That is why I suggest thinking it first. Tell your mind that everything being said or done to you doesn’t mean anything. It’s not personal. When you can really feel it respond to the bully with a bold ‘So what?’ and see what their reaction is. If you are facing cyber-bullying, this would also be a useful response, to whatever is being said to you. In fact the word ‘whatever’ works pretty well too. Think of Katherine Tate’s character Lauren and how she tries far too hard to persuade everyone that ‘she’s not bothered and how unconvincing she is.
The following idea might be fun. Observe what people who bully do that makes you feel worst or particularly pushes your buttons and ask yourself what you don’t like about what they said or did. OK, the fun bit is yet to come. Has anyone ever replied to you with ‘whatever’? How did it make you feel about what you just said to them?
Whatever is one of the arch-bishops of sarcasm, in my opinion. How easy did you find it to think of something to say next? Here’s the fun bit. Notice what your bully does that you most dislike and say it to them instead of trying to reason with them or say anything else.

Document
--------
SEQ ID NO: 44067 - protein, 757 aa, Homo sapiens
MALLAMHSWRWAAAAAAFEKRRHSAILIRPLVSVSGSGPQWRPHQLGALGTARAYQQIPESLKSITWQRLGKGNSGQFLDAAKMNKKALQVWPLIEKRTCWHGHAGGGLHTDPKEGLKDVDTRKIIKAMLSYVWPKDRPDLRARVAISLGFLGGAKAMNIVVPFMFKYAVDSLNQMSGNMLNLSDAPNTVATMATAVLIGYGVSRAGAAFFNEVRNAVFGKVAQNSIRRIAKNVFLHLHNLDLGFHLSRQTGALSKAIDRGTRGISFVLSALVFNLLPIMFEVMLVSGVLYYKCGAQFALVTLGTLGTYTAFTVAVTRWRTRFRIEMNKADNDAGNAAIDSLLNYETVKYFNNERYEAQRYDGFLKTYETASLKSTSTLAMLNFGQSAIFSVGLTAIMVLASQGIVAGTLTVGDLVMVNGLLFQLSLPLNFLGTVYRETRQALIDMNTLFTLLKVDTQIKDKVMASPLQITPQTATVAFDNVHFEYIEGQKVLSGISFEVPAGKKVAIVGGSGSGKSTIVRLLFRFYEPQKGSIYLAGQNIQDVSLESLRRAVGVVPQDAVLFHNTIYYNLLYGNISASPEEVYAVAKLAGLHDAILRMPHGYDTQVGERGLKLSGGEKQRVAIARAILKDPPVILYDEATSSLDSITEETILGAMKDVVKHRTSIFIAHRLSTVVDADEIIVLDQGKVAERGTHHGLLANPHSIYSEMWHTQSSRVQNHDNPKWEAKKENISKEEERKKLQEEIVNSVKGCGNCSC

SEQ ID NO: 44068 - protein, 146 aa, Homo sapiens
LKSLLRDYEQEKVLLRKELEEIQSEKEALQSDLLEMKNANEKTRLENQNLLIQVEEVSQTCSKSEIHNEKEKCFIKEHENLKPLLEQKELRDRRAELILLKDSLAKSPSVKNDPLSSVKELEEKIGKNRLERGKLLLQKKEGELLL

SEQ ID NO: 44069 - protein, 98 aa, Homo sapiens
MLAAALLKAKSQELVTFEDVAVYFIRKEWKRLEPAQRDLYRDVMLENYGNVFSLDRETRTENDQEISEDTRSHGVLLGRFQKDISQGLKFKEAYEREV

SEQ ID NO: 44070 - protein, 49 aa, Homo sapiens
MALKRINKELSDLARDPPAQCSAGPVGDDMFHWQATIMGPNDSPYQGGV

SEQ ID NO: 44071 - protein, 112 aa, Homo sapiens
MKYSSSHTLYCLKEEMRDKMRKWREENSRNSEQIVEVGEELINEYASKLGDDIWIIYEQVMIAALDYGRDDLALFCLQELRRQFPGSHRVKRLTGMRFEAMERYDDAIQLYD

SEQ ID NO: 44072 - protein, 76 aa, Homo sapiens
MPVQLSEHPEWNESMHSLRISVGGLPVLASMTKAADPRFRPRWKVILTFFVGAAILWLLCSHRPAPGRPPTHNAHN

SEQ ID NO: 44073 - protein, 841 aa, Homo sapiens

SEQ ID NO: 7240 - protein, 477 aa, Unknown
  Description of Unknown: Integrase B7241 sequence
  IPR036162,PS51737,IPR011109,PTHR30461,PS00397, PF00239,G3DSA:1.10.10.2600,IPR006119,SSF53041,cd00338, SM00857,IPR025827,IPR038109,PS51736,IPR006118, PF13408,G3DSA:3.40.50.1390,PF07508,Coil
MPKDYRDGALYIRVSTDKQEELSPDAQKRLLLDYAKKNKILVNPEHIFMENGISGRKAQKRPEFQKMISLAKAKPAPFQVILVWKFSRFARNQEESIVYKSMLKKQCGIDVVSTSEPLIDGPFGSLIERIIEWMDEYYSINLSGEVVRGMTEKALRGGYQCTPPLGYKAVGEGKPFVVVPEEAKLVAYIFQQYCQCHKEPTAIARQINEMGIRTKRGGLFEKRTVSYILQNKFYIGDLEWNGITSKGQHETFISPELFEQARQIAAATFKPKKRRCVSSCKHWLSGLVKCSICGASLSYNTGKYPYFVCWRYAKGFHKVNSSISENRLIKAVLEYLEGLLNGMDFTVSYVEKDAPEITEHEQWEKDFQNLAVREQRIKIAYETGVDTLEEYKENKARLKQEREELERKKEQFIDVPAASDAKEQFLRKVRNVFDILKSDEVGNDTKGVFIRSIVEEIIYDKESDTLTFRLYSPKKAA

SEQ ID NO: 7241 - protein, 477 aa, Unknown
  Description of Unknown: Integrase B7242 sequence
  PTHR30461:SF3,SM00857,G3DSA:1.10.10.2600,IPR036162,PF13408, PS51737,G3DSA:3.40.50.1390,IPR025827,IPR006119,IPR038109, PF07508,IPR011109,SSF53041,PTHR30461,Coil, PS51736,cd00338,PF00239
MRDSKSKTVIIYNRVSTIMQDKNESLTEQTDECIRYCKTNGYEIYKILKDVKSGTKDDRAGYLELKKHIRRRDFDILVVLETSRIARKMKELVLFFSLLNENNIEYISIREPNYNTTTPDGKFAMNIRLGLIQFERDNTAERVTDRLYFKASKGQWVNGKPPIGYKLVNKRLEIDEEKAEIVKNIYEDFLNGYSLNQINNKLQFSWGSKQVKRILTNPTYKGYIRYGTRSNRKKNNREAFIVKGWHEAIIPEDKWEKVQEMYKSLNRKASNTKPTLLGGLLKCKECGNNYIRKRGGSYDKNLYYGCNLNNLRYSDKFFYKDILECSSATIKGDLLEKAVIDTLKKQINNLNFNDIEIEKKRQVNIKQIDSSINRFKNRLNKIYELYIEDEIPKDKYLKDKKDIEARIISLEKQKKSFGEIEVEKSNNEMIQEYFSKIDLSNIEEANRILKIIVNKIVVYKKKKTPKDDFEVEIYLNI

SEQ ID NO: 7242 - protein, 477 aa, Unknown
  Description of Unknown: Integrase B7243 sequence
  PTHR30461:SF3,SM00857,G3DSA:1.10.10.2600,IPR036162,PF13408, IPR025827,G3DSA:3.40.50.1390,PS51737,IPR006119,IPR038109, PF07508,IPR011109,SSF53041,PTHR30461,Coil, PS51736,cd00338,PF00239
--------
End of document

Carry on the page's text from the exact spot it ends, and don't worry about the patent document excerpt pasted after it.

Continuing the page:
The exchange will probably end when you have just started to enjoy it! I don’t suggest imitating them as that tends to make people look a bit silly. If you are an executive director of a large firm, school playground behaviour won’t serve you well (am indulging in a comedy tangent here as I know you don’t need to be told this).
Particularly where work hierarchies are involved, the above suggestion would probably be unsuitable for a professional environment. I will look at workplace bullying in a later chapter as it’s not pleasant spending all that time in work with people who are nasty to be around, so you might need to consider wider options rather than just your response.